Lyme Disease

Lyme disease is a tick-borne illness, transmitted by tiny ticks - the size of a sesame seed or pencil point - that live on deer, sheep, and horses. If bitten by one of these ticks, they can transmit the Lyme infection (Borrelia Burgdorferi spirochete) they carry into the blood causing Lyme disease. Though the disease can be contracted year round-predominantly in northeastern and north - central states - it is particularly prevalent during the months when people are active outdoors.

"It's important to note that the majority of deer ticks don't carry Lyme disease," says Dr. Platt. "If a child has a tick and it's been attached less than 24 to 48 hours, first remove the tick using tweezers to grasp the tick firmly near the child's skin. Pull firmly and steadily out—do not twist it. Do not use petroleum jelly, a lighted match, or nail polish to 'kill' the tick. Then wash the area with soap and water."

If the tick has been on for more than 48 hours and it's engorged, says Dr. Platt, the risk for exposure to Lyme disease increases. Symptoms include flu-like feelings of headache, stiff neck, fever, muscle aches, and fatigue, as well as a target-shaped rash at the site of the bite that can appear within one to four weeks. "There's a lot of controversy about whether to treat or not," she says. "After 48 hours consider prophylactic treatment with an antibiotic, because the test for Lyme doesn't turn positive for up to six weeks after an infection develops. Plans for treatment should be discussed with your pediatrician."

Poison Ivy

In addition to posing a problem for children playing in a wooded area, poison ivy, poison oak, and poison sumac can also be a hazard to gardeners, hikers, campers, and anyone spending time outdoors. The first step is to recognize these plants and avoid them by wearing long sleeves and pants in areas of thick vegetation. "Parents should limit their child's exposure to woody areas that you aren't familiar with," says Dr. Platt.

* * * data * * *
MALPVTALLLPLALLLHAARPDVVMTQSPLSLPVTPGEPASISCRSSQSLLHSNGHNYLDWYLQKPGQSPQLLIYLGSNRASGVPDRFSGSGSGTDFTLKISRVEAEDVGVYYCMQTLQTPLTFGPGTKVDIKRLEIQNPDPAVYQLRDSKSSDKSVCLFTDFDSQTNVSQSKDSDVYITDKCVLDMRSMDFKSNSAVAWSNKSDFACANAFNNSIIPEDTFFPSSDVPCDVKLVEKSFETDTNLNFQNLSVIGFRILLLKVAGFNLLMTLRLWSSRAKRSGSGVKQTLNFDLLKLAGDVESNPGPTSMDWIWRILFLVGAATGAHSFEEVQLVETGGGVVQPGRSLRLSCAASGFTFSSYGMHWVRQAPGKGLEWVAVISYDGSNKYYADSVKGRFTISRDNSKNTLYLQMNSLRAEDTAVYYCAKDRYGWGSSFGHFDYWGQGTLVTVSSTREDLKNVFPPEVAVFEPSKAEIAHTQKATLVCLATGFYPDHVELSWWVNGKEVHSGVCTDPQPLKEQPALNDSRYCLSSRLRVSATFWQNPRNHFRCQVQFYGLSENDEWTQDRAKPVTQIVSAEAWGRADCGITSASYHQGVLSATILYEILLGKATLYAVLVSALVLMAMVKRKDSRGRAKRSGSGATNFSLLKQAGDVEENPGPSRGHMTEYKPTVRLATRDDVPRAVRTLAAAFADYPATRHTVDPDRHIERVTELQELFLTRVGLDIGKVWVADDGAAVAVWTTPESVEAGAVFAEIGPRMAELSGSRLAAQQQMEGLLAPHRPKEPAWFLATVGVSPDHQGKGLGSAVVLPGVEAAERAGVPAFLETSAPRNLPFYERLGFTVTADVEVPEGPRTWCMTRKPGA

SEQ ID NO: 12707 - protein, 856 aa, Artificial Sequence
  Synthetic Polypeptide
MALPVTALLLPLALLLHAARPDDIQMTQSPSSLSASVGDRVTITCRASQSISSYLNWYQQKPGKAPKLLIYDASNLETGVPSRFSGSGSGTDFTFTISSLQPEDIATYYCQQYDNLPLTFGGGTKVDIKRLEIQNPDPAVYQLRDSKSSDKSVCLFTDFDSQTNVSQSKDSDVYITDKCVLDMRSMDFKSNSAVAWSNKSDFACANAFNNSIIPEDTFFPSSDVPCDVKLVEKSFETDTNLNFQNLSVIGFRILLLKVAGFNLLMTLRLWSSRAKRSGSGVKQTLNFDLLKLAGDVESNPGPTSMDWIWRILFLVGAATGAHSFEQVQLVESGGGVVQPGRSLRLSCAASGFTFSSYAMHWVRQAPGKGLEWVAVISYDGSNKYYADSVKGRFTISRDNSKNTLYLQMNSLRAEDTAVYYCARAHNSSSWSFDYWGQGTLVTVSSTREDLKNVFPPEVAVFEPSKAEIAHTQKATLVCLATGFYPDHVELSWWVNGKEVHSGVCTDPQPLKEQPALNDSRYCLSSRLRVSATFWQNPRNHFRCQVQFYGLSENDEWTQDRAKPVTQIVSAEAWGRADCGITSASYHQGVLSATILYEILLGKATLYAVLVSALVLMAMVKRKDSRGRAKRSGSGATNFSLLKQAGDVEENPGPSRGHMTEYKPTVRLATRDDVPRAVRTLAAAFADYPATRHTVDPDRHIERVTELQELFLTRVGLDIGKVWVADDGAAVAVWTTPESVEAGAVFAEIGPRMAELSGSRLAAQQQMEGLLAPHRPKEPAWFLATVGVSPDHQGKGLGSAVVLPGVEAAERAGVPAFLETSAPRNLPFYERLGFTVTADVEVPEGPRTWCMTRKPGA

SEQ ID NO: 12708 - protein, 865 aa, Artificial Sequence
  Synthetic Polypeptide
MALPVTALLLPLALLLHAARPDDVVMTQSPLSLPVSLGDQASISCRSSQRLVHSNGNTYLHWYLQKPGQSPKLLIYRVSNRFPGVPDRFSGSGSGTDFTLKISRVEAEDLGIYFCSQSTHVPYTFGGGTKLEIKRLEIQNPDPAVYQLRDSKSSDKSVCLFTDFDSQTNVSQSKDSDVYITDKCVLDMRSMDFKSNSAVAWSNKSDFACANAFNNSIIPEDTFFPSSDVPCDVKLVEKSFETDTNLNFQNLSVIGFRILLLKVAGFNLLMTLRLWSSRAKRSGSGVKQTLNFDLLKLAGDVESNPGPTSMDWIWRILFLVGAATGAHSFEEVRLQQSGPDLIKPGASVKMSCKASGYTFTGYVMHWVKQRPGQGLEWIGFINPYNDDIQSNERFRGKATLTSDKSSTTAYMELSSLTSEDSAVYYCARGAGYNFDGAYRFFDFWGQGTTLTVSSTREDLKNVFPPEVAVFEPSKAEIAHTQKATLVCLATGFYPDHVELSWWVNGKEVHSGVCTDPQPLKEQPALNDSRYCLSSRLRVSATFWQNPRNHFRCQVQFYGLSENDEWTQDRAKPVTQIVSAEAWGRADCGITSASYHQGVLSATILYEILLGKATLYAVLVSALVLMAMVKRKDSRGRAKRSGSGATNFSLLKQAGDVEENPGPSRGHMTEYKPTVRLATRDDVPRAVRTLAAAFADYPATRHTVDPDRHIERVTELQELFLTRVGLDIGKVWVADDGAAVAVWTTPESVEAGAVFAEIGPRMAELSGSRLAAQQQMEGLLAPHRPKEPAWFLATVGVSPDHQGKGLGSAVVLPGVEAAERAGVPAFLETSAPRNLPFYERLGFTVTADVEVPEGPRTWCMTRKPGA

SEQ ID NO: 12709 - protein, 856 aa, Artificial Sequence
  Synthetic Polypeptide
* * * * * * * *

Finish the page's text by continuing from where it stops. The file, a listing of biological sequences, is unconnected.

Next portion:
Contact with urushiol oil found in the leaves, roots and stems of these plants causes a contact dermatitis - an allergic rash with itching, burning, and blisters and bumps that appear in lines and streaks. "If you know that you or your child has been exposed, wash the oil off the skin and under the nails, and wash the clothes as fast as possible," says Dr. Platt. "Once the oil is washed off, the rash is not contagious, however, it can be passed on if the oil is still on skin or clothes."

Treatment includes applying calamine lotion (not Caladryl if you are also taking Benadryl); keeping nails short and clean; and using cool compresses to reduce the itch.

"In more serious cases, oral steroids may be prescribed," adds Dr. Platt. "Parents should bring their child to the doctor if they are really miserable or if it's very widespread."

Faculty contributing to this article:
Shari L. Platt, MD, Chief of Pediatric Emergency Medicine at the NewYork-Presbyterian Phyllis and David Komansky Center for Children's Health at NewYork-Presbyterian Hospital/Weill Cornell Medical Center, and Associate Professor of Clinical Pediatrics, Departments of Pediatrics and Emergency Medicine, Weill Cornell Medical College